Internet Shakespeare Editions

About this text

  • Title: The Winter's Tale (Modern)
  • Editor: Hardin Aasand
  • ISBN: 978-1-55058-367-0

    Copyright Internet Shakespeare Editions. This text may be freely used for educational, non-proift purposes; for all other uses contact the Coordinating Editor.
    Author: William Shakespeare
    Editor: Hardin Aasand
    Not Peer Reviewed

    The Winter's Tale (Modern)

    Enter Time, the Chorus.
    1580Time I, that please some, try all; both joy and terror
    Of good and bad, that makes and unfolds error,
    Now take upon me, in the name of Time,
    To use my wings. Impute it not a crime
    To me or my swift passage that I slide
    1585O'er sixteen years and leave the growth untried
    Of that wide gap, since it is in my power
    To o'erthrow law, and in one self-born hour
    To plant and o'erwhelm custom. Let me pass
    The same I am ere ancient'st order was
    1590Or what is now received. I witness to
    The times that brought them in. So shall I do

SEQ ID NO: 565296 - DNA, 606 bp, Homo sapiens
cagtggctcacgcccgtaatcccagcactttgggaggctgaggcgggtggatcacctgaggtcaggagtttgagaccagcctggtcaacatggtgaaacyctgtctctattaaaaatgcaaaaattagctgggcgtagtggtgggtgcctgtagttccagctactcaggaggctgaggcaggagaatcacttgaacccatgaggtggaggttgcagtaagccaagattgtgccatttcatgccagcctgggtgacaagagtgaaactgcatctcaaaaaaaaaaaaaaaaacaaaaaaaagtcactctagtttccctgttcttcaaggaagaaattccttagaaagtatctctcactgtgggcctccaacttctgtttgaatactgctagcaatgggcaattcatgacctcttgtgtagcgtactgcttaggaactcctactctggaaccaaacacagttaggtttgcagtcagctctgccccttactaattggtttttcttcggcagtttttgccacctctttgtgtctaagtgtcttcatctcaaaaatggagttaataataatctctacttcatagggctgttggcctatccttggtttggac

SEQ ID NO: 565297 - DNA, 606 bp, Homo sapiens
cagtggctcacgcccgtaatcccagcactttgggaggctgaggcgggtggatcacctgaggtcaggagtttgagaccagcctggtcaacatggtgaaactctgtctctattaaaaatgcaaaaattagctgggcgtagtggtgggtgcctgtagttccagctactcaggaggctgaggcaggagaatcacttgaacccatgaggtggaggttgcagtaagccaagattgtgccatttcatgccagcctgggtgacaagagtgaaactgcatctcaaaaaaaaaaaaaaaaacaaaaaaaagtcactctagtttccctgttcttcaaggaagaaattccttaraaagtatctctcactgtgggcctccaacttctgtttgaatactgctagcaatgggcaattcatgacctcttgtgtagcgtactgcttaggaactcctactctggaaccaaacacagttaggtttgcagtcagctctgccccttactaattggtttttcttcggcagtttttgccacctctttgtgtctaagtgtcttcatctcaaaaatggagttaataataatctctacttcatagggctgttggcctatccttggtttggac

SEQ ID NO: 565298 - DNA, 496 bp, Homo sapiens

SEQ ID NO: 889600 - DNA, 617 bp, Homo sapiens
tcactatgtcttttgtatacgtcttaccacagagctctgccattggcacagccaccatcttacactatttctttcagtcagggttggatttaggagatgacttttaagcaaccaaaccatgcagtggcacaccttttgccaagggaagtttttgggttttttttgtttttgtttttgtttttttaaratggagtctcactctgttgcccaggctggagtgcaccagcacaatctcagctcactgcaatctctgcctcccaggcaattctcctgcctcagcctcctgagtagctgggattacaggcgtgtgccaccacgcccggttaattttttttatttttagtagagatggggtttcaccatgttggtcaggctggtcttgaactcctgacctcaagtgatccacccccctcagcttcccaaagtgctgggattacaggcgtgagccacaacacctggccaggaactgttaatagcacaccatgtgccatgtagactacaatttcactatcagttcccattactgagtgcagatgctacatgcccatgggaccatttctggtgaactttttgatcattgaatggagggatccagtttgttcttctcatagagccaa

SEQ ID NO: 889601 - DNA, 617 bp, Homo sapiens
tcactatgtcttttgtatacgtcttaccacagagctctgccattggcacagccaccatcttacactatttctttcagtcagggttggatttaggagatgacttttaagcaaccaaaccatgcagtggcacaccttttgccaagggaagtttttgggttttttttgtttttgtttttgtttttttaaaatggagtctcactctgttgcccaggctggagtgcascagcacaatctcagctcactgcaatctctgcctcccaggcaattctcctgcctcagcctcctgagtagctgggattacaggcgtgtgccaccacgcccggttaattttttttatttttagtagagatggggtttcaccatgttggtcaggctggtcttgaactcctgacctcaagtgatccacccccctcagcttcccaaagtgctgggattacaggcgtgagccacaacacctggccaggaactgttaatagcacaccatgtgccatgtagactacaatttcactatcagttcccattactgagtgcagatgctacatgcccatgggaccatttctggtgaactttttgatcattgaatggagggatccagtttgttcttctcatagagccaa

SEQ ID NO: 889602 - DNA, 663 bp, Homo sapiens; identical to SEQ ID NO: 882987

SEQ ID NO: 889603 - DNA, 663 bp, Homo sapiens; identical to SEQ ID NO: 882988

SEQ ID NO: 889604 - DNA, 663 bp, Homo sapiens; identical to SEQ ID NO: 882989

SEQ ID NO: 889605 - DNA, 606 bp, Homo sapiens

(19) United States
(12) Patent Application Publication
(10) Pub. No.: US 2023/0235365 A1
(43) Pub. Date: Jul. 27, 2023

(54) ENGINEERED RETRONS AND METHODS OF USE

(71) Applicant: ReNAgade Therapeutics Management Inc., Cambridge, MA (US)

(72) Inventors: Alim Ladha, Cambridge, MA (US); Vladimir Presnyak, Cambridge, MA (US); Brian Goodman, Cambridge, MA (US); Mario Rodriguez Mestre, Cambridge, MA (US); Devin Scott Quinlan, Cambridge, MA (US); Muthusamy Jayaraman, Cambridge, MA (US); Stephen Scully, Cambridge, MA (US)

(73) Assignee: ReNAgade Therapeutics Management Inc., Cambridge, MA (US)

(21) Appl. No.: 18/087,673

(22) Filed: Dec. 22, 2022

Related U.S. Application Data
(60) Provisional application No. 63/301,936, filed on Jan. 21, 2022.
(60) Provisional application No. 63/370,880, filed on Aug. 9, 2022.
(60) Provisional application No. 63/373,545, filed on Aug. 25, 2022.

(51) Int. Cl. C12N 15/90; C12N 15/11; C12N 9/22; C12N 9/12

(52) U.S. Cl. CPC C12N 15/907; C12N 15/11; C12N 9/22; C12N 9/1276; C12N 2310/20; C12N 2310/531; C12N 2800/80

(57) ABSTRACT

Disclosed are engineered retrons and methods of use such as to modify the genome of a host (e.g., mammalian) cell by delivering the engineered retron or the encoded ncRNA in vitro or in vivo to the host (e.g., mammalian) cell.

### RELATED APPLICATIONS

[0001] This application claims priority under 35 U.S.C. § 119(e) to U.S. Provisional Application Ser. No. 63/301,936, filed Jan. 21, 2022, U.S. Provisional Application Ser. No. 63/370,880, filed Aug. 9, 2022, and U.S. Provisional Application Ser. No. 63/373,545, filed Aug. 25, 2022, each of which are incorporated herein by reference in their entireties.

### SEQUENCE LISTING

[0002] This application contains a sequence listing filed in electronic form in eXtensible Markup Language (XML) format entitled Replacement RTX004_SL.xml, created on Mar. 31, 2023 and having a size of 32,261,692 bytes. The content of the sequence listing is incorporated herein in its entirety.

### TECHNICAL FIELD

To th' freshest things now reigning and make stale
    The glistering of this present, as my tale
    Now seems to it. Your patience this allowing,
    1595I turn my glass and give my scene such growing
    As you had slept between: Leontes leaving
    Th'effects of his fond jealousies, so grieving
    That he shuts up himself. Imagine me,
    Gentle spectators, that I now may be
    1600In fair Bohemia. And remember well,
    I mentioned a son o'th'king's, which Florizel
    I now name to you, and with speed so pace
    To speak of Perdita, now grown in grace
    Equal with wond'ring. What of her ensues
    1605I list not prophesy, but let Time's news
    Be known when 'tis brought forth. A shepherd's daughter
    And what to her adheres, which follows after,
    Is th'argument of Time; of this allow,
    If ever you have spent time worse, ere now.
    1610If never, yet that Time himself doth say
    He wishes earnestly you never may.